The much-anticipated COVID-19 vaccine rollout has begun across the United States, and optometrists in a handful of states have been granted the right to administer shots, while professional groups on the state and federal level continue to push for more to follow suit. Optometrists are authorized to provide vaccinations in Ohio, California, Kentucky and Utah, and similar legislation is pending in New Jersey, according to the AOA.
California Begins to Train
In a move to address the state’s shortage of healthcare providers available to administer the vaccine, the California Department of Consumer Affairs recently approved a public health emergency waiver to allow doctors of optometry to give COVID-19 shots.
“Optometrists are located in almost every county in California. Often, there is no wait time for an appointment. When there are enough vaccines, patients can be asked to get a vaccine at every office visit,” California Optometric Association (COA) President Jason Tu, OD, said in a statement. “Optometrists are particularly helpful in filling the vaccine gap since we care for patients who do not annually see a physician.”1
Many CA optometrists are already trained to administer vaccines as part of a 2018 law that allows certified ODs to administer some immunizations.1 Optometrists must undergo the same 20-hour course required for pharmacists and be certified in basic life support. The 20-hour course includes 12 hours of virtual self-study and eight hours of lecture/injection technique and an online test. To qualify, ODs must also complete a COVID-19 training program developed by the California Department of Public Health.
The order also allows certified optometrists to provide diphenhydramine by injection for the treatment of a severe allergic reaction. All optometrists are equipped to respond to allergic reactions and are legally authorized to administer epinephrine, according to the COA.
The California Department of Public Health offers the pharmacy course on a regular basis. Ketchum will also be hosting the training course on March 21, and Western University will offer the class at some point in the next month.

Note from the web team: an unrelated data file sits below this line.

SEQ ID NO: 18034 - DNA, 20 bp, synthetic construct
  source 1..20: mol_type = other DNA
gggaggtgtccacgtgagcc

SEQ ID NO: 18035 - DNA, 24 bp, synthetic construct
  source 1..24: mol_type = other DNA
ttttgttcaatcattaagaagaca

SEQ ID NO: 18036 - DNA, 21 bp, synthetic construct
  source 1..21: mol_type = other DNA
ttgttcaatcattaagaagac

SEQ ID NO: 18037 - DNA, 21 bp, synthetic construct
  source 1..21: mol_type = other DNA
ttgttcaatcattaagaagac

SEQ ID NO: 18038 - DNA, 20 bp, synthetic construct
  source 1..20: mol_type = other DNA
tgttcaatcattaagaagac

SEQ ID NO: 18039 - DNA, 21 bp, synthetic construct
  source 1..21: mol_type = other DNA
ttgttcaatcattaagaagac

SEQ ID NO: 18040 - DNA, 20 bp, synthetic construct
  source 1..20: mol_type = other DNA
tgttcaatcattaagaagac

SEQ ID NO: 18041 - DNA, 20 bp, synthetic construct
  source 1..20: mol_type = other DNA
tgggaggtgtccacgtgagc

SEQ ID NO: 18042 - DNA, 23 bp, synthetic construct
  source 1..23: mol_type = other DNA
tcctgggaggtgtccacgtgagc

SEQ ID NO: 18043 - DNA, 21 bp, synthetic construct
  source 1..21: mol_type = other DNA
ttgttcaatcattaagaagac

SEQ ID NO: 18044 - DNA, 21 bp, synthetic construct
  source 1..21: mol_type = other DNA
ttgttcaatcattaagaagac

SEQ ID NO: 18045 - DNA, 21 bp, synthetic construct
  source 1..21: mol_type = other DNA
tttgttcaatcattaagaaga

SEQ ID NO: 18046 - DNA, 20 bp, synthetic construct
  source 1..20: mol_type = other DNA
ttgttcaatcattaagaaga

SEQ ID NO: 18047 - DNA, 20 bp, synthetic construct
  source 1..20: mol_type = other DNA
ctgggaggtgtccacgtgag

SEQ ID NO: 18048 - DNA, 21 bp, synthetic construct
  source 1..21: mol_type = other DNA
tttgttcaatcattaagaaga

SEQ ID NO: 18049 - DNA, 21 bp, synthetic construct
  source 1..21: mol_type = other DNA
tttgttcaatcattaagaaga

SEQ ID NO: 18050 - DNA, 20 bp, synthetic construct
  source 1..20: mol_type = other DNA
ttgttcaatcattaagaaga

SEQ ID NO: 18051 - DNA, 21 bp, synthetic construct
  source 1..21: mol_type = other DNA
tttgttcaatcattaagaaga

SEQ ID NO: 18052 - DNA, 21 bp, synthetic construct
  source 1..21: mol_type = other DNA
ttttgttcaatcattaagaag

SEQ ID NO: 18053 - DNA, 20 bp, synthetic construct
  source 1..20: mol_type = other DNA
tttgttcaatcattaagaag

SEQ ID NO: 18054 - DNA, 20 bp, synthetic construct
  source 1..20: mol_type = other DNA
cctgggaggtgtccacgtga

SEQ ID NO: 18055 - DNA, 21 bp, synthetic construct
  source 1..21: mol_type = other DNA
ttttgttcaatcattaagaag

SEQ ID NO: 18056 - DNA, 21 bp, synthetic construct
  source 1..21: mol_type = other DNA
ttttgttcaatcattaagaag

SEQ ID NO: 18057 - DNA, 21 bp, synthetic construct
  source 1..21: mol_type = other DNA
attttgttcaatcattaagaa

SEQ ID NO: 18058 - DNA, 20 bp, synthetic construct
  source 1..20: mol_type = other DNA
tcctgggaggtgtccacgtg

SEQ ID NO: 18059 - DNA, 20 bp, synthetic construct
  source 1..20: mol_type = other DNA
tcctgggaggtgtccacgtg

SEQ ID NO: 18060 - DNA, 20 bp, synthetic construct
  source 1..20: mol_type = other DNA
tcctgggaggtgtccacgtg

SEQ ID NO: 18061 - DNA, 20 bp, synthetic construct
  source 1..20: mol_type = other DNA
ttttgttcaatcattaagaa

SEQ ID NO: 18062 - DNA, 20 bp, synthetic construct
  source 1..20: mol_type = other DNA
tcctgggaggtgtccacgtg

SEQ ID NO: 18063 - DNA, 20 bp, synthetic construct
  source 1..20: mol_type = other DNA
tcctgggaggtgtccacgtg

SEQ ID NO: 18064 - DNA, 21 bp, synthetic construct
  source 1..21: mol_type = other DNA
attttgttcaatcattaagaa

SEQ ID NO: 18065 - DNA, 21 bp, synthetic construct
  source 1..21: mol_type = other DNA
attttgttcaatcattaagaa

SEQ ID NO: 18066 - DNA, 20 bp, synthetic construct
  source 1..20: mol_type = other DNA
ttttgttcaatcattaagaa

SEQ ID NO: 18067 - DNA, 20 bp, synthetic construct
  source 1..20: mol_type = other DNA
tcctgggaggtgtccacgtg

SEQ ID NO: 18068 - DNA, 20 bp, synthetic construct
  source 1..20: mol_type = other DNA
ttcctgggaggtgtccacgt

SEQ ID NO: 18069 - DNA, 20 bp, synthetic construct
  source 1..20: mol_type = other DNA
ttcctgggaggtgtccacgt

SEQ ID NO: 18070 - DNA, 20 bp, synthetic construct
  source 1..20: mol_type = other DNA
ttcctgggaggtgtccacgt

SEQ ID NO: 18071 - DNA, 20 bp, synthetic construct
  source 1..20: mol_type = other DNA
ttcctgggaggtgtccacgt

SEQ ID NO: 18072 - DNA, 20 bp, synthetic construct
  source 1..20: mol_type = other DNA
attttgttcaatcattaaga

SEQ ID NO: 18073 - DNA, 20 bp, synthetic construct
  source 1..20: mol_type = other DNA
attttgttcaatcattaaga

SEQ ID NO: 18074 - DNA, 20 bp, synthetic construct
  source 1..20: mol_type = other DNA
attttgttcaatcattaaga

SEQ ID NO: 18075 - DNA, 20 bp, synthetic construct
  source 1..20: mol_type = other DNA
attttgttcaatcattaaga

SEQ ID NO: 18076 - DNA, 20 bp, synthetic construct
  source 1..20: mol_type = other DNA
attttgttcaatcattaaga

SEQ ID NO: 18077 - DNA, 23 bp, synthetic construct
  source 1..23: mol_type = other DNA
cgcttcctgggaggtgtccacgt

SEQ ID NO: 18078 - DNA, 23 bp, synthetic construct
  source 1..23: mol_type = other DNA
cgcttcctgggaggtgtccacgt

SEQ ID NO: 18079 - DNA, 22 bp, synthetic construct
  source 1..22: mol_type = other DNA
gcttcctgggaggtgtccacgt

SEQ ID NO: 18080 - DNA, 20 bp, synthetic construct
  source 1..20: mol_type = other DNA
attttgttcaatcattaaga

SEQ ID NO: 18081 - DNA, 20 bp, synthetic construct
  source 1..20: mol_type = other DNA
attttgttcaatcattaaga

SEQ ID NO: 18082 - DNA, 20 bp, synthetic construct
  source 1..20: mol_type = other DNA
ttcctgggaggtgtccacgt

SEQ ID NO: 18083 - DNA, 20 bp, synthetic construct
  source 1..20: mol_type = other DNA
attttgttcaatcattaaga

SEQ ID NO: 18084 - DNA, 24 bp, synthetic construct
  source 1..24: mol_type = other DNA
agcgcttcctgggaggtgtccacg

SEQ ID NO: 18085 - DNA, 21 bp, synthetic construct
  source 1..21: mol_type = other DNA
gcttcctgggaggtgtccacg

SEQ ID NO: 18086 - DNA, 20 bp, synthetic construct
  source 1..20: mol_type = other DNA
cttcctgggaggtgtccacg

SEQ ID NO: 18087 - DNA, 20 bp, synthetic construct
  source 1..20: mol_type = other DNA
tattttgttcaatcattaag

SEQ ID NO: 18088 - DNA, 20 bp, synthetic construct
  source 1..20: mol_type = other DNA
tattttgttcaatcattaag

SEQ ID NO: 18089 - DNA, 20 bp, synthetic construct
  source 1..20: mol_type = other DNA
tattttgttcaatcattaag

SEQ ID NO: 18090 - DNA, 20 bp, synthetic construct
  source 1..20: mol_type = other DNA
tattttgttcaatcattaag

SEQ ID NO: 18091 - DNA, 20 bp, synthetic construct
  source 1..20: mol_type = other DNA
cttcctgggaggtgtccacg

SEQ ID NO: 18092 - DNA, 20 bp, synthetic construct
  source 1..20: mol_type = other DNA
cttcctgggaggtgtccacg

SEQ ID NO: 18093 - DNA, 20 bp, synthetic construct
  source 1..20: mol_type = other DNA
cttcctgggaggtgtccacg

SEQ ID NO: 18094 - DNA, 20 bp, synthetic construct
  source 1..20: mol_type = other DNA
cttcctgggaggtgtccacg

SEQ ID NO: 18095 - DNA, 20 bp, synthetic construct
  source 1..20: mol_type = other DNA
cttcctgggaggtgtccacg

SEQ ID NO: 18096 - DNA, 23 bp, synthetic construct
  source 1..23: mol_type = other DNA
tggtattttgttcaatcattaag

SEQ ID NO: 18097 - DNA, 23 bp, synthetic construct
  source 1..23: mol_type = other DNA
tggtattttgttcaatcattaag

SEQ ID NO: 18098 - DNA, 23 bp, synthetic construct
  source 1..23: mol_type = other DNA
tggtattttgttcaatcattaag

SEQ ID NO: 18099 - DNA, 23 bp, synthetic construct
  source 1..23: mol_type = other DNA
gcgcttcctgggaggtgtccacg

Until more vaccines become available, most state optometrists are planning to volunteer at mass vaccination sites or local optometry colleges, explains COA Executive Director Kristine Shultz.
Utah Practices Prepare
Ian Whipple, OD, president of the Utah Optometric Association, looked into the possibility of administering COVID-19 shots at his practice, but says the current storage requirements for the Pfizer and Moderna vaccines are cost prohibitive.
“I expect that with the hopeful approval of the Johnson & Johnson vaccine, we will be able to administer these shots to our patients,” Dr. Whipple says.
Dr. Whipple’s practice sees 5,000 patients a year, which means 5,000 fewer patients will need to seek out the vaccine from their medical doctors or state health departments, reducing the burden on the healthcare system as a whole.
The Utah Optometric Association is planning large-scale training opportunities for its member doctors, in addition to offering a vaccine training course at its annual convention in June, Dr. Whipple says.
Ohio Emergency Vaccine Provision Puts ODs on the Frontline
An urgent call for volunteer medical professionals from Ohio’s public health emergency program recruited ODs as part of the effort to support its COVID-19 vaccination campaign.2
Ohio pressed for optometry’s inclusion even before the first vaccines became available, and ODs were bolstered in the effort since the state is one of a few that permit authorization for vaccinations in the event of an emergency.2
In 2014, the Ohio Optometric Association successfully advocated for inclusion in a new law that granted legal authority for the state’s Department of Health to temporarily expand eligible vaccine administrators, normally prohibited by scope limitations, during a declared emergency.2
National Push for the Profession
In a recent letter to the White House, the AOA urged the new administration to amend the current COVID-19 Public Readiness and Emergency Preparedness Act declaration to recognize that all optometrists can administer vaccines.
According to the AOA, 99% of Americans live in a county with a doctor of optometry, and ODs have the necessary knowledge to provide vaccines, not to mention the fact that optometry schools teach injections. Optometrists in 19 states are already authorized to administer injections, and in an additional 20 states, optometrists can provide anaphylaxis through injection.
One month into the pandemic, ODs across the country provided urgent and emergency care to roughly 206,000 individuals, the AOA cites. Doctors of optometry also reported 60% of patients would have otherwise sought care at an emergency department or urgent care center when such facilities were taxed with COVID-19 cases. For these efforts, state administrations generally agreed to include optometry among the initial distribution phases, the AOA said in a statement.
1. COA applauds decision to allow optometrists to administer COVID-19. California Optometric Association. February 12, 2021. www.coavision.org/i4a/pages/index.cfm?pageid=3313. Accessed February 16, 2021.
2. Ohio activates eligible doctors for COVID-19 vaccine administration, AOA focuses new relief efforts. American Optometric Association. February 11, 2021. https://www.aoa.org/news/advocacy/federal-advocacy/ohio-activates-eligible-doctors-for-covid-19-vaccine-administration-aoa-focuses-new-relief-efforts?sso=y. Accessed February 16, 2021.